Seismic Training Efforts Help Haitians Help Themselves
All S2H systems comply with U.S. codes. The buildings are designed to resist, at a minimum, magnitude-7 temblors and hurricane winds of up to 145 mph, with gusts up to 225 mph, says Stevens. Among other things, the system uses diaphragms for lateral-load resistance made from high-strength structural stucco cladding in lieu of drywall.
As much as possible, S2H tries to use local materials, including cement, sand, gravel, paint, doors, windows, hardware, plumbing and electrical fixtures. For the Miami-based non-governmental organization Cross International, a 1,418-sq-ft school cost $81,200.
To date, S2H-H has completed four dormitories at two sites, at cost. They house a total of 105 orphans. The company is under contract with Cross International to deliver 50 houses, about 10 of which are finished. S2H is also one of six companies prequalified to submit proposals to the U.S. Agency of International Development for a total of 15,000 houses.
Currently, the company imports the steel framing components from its Virginia plant for local assembly. But the builder expects to get a permit soon to set up a manufacturing facility. The company hires and trains Haitians to work on its projects.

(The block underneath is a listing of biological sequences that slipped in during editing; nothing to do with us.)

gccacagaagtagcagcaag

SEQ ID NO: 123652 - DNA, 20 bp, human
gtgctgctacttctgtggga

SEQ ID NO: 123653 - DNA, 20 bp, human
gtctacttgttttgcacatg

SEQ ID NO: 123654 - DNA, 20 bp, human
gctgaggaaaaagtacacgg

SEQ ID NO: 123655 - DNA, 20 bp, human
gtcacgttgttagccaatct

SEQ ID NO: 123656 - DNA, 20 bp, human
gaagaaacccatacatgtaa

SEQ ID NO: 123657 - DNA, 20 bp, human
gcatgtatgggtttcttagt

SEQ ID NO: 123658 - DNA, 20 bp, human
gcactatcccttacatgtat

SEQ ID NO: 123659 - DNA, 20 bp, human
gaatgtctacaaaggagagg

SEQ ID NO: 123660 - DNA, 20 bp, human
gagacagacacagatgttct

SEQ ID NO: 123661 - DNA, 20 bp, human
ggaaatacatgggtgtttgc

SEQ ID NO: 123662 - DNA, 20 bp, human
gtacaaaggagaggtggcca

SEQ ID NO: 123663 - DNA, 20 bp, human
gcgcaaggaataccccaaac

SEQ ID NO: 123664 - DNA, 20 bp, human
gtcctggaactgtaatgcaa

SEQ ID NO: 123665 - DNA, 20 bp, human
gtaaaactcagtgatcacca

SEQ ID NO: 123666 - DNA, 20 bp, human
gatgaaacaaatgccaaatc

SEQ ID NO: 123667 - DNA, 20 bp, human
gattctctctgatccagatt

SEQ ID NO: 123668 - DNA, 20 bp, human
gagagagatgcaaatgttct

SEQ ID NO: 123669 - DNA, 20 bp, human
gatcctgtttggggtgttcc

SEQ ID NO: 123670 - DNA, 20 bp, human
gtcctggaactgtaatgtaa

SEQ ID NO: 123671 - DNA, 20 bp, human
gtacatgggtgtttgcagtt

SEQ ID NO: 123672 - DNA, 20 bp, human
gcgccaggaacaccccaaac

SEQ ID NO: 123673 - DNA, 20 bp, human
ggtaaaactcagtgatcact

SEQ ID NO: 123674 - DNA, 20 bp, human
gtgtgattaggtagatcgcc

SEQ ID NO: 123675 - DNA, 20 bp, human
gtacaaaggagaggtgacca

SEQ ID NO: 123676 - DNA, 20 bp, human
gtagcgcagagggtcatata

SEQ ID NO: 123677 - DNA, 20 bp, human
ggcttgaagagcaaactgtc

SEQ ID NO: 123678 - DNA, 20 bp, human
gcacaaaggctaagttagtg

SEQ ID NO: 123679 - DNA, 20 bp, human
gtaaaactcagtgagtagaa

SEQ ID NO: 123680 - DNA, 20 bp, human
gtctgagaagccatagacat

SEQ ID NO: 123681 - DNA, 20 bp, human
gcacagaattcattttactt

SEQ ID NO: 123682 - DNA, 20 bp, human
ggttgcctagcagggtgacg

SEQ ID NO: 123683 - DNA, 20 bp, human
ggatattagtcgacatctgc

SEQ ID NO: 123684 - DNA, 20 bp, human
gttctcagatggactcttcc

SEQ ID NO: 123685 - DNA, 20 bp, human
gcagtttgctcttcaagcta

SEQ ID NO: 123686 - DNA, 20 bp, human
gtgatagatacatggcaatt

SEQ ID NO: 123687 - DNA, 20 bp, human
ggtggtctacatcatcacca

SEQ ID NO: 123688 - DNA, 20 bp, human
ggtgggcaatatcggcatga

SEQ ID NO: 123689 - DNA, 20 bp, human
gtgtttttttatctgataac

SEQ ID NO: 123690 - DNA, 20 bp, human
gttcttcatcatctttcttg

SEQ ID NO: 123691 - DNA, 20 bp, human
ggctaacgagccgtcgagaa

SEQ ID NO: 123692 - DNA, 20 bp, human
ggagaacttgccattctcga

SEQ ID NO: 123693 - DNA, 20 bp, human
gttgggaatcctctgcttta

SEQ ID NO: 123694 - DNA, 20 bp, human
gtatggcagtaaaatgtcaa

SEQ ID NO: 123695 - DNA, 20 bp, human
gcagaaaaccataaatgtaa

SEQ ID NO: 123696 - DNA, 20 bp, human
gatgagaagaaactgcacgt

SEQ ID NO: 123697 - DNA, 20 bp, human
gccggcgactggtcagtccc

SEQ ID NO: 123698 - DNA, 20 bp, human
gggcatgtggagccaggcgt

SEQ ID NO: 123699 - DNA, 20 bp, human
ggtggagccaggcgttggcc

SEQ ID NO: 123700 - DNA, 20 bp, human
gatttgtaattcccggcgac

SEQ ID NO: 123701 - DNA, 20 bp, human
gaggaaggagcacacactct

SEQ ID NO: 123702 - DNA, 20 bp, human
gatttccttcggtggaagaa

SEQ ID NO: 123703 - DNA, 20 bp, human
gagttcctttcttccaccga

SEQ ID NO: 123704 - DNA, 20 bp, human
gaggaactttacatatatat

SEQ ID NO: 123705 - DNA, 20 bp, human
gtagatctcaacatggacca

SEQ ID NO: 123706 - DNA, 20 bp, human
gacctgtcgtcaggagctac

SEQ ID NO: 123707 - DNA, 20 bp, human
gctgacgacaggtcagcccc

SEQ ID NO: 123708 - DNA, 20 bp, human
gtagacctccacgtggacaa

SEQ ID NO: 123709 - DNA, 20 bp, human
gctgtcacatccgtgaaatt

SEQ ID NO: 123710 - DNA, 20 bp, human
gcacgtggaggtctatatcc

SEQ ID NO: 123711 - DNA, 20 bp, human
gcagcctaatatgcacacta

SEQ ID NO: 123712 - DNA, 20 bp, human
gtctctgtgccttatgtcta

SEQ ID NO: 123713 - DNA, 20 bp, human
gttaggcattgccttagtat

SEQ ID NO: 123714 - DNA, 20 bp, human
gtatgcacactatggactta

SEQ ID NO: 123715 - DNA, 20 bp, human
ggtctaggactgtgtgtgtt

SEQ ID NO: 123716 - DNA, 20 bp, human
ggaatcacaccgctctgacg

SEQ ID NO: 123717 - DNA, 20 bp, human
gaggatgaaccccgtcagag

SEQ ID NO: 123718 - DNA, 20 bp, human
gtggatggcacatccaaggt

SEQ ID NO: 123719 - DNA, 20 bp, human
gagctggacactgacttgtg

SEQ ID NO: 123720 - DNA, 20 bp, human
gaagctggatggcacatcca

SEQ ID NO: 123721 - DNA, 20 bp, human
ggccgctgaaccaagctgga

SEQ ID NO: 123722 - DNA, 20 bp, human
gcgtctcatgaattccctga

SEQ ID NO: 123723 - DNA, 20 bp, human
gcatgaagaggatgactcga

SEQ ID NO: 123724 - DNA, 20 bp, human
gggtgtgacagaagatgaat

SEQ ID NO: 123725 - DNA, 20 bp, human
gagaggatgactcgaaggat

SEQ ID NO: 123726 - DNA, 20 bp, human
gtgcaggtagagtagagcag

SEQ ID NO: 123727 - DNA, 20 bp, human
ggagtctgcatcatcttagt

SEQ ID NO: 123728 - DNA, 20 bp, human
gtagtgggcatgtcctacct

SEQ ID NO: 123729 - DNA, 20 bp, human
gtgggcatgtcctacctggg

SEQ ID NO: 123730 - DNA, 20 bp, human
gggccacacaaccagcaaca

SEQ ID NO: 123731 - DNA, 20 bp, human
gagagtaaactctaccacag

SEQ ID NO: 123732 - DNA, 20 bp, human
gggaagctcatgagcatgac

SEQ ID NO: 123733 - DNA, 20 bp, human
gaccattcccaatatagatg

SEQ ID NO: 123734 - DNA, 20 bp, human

In addition, S2H's charitable arm, a 501C3 non-profit called REACH, is working in Haiti, bringing in volunteers and hiring locals to rebuild. The model, which includes "voluntourism," says Stevens, is a variation on the Habitat for Humanity approach to building homes for low-income residents.
Hurricanes in 2008, not the quake, provided Stevens with the impetus to set up shop in Haiti. Since 2009, he has been trying to get government approval to manufacture 100% of the house components in Haiti and thinks he is close to his goal.
Cause for Celebration
In August, UniQ and UB celebrated the opening of the first building on campus to have a seismic design. The 5,000-sq-ft classroom building at UniQ replaced a large tent that functioned as a classroom—one of many used since the school reopened in April 2010. The temperature in the tents often exceeds 100 degrees F, says UB.
The two-story building was designed by a team from Uniq, including engineer-architect Alex Duquella, head of UniQ's architecture department, and Tingue Wolfield, a civil engineer who performed structural design. Ficones, a private contractor, built the building.
Both Duquella and Wolfield attended the UniQ-UB seminars. "These seminars taught me a lot regarding earthquake-resistant calculations and how to estimate/calculate the seismic loads and the special frames in reinforced concrete," says Wolfield, who is based in the capital.
"These are things that we ignored completely before these seminars, although we use construction codes such as IBC, ACI, etc.," he adds. "All these courses allowed us to improve the conception in earthquake-resistant construction and to raise awareness regarding earthquakes."